Sunday, April 26, 2009

Exploring Hidden Corners

After 21 years in Western Washington, our family is still discovering hidden corners of beauty just a few miles from home. With a few days to enjoy Whitney at home, we looked for a short hike where we have never been. We wanted a place within an hour's drive and settled on Wallace Falls State Park just outside Gold Bar on Highway 2 east of Monroe. The drive in mid-morning was uneventful and easy - no gravel roads, no traffic. Only a few cars in the parking lot.
The trail follows the Wallace River into the Cascade foothills. Even through I have only been through God Bar a couple times before, I had never noticed the falls, which are easily seen from the valley floor a couple miles away. The trail was marked by the typical legal warnings which keep the government from being sued by ignorant people who have no judgments. In this case, McKenzie brought along a marker and changed the sign to make it more appropriate for the college boys she knows. The lower falls were interesting but not spectacular. It would be fun to see them when a raging torrent is boiling through the canyon.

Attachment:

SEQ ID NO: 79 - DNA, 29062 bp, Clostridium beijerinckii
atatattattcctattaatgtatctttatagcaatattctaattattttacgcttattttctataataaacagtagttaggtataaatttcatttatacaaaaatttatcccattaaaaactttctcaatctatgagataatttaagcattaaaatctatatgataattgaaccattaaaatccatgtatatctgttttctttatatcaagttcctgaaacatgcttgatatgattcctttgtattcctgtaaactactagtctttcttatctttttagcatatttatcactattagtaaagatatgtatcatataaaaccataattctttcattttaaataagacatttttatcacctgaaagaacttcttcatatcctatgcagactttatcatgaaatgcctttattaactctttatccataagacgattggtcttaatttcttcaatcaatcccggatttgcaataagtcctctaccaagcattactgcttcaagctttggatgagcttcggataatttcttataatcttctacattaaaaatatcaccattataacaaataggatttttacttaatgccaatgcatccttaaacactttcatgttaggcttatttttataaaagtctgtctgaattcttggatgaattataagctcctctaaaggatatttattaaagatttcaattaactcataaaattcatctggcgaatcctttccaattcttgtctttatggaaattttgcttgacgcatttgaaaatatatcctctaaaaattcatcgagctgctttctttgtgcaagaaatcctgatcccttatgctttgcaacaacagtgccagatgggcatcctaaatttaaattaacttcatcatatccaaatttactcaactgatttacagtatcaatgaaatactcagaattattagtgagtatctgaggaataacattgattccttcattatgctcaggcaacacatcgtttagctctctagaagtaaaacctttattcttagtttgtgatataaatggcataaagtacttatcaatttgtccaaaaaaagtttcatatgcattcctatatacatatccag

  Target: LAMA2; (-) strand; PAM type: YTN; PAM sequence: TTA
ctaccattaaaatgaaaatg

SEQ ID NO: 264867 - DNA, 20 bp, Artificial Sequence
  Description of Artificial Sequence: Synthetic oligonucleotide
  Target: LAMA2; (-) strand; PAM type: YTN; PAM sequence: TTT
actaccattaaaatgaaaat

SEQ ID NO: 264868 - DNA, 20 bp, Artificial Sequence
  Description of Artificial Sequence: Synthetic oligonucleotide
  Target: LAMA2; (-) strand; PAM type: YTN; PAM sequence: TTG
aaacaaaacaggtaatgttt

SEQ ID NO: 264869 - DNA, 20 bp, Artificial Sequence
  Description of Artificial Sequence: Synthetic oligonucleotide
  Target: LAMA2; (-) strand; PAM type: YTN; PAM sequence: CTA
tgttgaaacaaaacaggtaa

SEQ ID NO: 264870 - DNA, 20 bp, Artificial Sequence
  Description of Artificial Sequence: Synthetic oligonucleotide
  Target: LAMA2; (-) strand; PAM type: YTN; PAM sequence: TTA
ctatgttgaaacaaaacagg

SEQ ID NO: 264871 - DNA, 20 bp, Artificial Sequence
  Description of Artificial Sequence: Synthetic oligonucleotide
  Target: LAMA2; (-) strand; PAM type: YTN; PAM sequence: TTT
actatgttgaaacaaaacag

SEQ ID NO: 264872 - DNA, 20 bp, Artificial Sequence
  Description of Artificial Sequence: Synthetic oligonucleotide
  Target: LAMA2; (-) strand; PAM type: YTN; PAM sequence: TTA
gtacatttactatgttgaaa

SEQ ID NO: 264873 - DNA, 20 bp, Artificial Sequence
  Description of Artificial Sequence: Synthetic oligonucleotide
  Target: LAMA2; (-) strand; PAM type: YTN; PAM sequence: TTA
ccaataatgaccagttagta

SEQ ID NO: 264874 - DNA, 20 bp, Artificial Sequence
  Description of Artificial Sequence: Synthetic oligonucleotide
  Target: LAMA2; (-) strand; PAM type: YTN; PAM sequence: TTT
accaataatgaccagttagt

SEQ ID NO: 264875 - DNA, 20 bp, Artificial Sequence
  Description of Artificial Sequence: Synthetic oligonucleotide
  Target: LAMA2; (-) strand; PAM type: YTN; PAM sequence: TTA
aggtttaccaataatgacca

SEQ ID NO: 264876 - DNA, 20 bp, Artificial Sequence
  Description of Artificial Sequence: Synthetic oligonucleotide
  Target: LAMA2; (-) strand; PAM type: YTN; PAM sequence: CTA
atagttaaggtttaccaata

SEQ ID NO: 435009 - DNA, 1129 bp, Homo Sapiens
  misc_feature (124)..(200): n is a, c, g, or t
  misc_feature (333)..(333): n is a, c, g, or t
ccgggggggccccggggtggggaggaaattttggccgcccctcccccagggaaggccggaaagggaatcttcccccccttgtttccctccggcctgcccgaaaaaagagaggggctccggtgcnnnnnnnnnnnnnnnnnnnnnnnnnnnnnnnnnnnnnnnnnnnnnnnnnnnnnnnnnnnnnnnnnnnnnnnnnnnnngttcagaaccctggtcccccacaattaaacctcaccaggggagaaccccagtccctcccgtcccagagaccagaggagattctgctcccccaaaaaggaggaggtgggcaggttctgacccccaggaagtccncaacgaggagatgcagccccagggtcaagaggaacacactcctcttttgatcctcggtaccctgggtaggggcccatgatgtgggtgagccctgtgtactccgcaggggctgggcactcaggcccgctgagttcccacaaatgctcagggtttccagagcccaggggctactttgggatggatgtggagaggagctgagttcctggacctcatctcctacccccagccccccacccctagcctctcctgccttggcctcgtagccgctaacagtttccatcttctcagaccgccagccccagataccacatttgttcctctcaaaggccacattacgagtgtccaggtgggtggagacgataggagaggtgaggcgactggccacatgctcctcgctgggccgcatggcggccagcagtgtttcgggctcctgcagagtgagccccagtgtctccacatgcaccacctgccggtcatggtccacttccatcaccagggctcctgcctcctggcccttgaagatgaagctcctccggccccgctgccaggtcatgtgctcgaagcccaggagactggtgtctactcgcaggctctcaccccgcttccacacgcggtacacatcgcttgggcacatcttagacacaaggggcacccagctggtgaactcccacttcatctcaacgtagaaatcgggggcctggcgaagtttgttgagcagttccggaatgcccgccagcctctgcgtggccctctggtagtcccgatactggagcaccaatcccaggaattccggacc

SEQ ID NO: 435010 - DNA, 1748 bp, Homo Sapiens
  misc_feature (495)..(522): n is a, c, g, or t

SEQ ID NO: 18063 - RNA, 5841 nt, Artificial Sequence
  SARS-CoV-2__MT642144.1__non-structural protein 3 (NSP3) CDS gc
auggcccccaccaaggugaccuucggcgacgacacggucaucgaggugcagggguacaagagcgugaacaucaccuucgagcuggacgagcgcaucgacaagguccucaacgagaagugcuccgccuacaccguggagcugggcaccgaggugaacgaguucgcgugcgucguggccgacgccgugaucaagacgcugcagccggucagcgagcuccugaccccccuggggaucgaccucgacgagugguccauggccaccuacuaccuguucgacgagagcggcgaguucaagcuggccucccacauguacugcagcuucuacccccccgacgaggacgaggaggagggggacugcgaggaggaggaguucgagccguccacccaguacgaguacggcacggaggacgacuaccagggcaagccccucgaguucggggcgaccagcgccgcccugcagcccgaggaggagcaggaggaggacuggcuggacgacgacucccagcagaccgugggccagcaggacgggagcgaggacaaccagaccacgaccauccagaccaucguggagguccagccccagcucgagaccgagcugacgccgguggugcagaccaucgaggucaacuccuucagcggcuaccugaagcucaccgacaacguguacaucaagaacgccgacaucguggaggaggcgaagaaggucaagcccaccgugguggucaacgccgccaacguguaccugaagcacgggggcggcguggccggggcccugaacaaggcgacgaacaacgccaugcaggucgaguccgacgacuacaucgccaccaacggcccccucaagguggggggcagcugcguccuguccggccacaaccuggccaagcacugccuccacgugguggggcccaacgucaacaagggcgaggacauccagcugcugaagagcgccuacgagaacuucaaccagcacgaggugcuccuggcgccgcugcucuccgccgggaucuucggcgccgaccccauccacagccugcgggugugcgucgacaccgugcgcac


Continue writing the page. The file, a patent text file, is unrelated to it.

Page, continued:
At the middle falls, the scene opens up to a gorgeous view of the valley below. You can't buy this picture in Texas. You don't know how hard it was for McKenzie to sit for this shot. The smile disappeared as fast as it flashed.

This is the middle falls - a spectacular series of pools and cliffs. Hiking to this point is a small challenge but well worth the effort. In winter, this would be even more beautiful with the mist frozen on the rocks and trees. It is definitely on the list for a short winter jaunt.
At the upper falls is the end of the trial. One has to hike to the end, even though the view isn't nearly as rewarding as the middle falls. For a 2.7 mile hike to the top, it was satisfying. Knowing that we didn't quit was joy in itself. Being with my wife and kids brings me a lot of pleasure, more now that they are adults than before. I thought the teenage years were good - these are better.
Exploring the beauties around us should have been a bigger priority these past 21 years. There must still be hundreds of places near our home which we have yet to discover. Like this gem, it was hiding just a few miles from home, giving enjoymnet and recreation to anyone willing to seek it out.

Spring Has Delivered Hope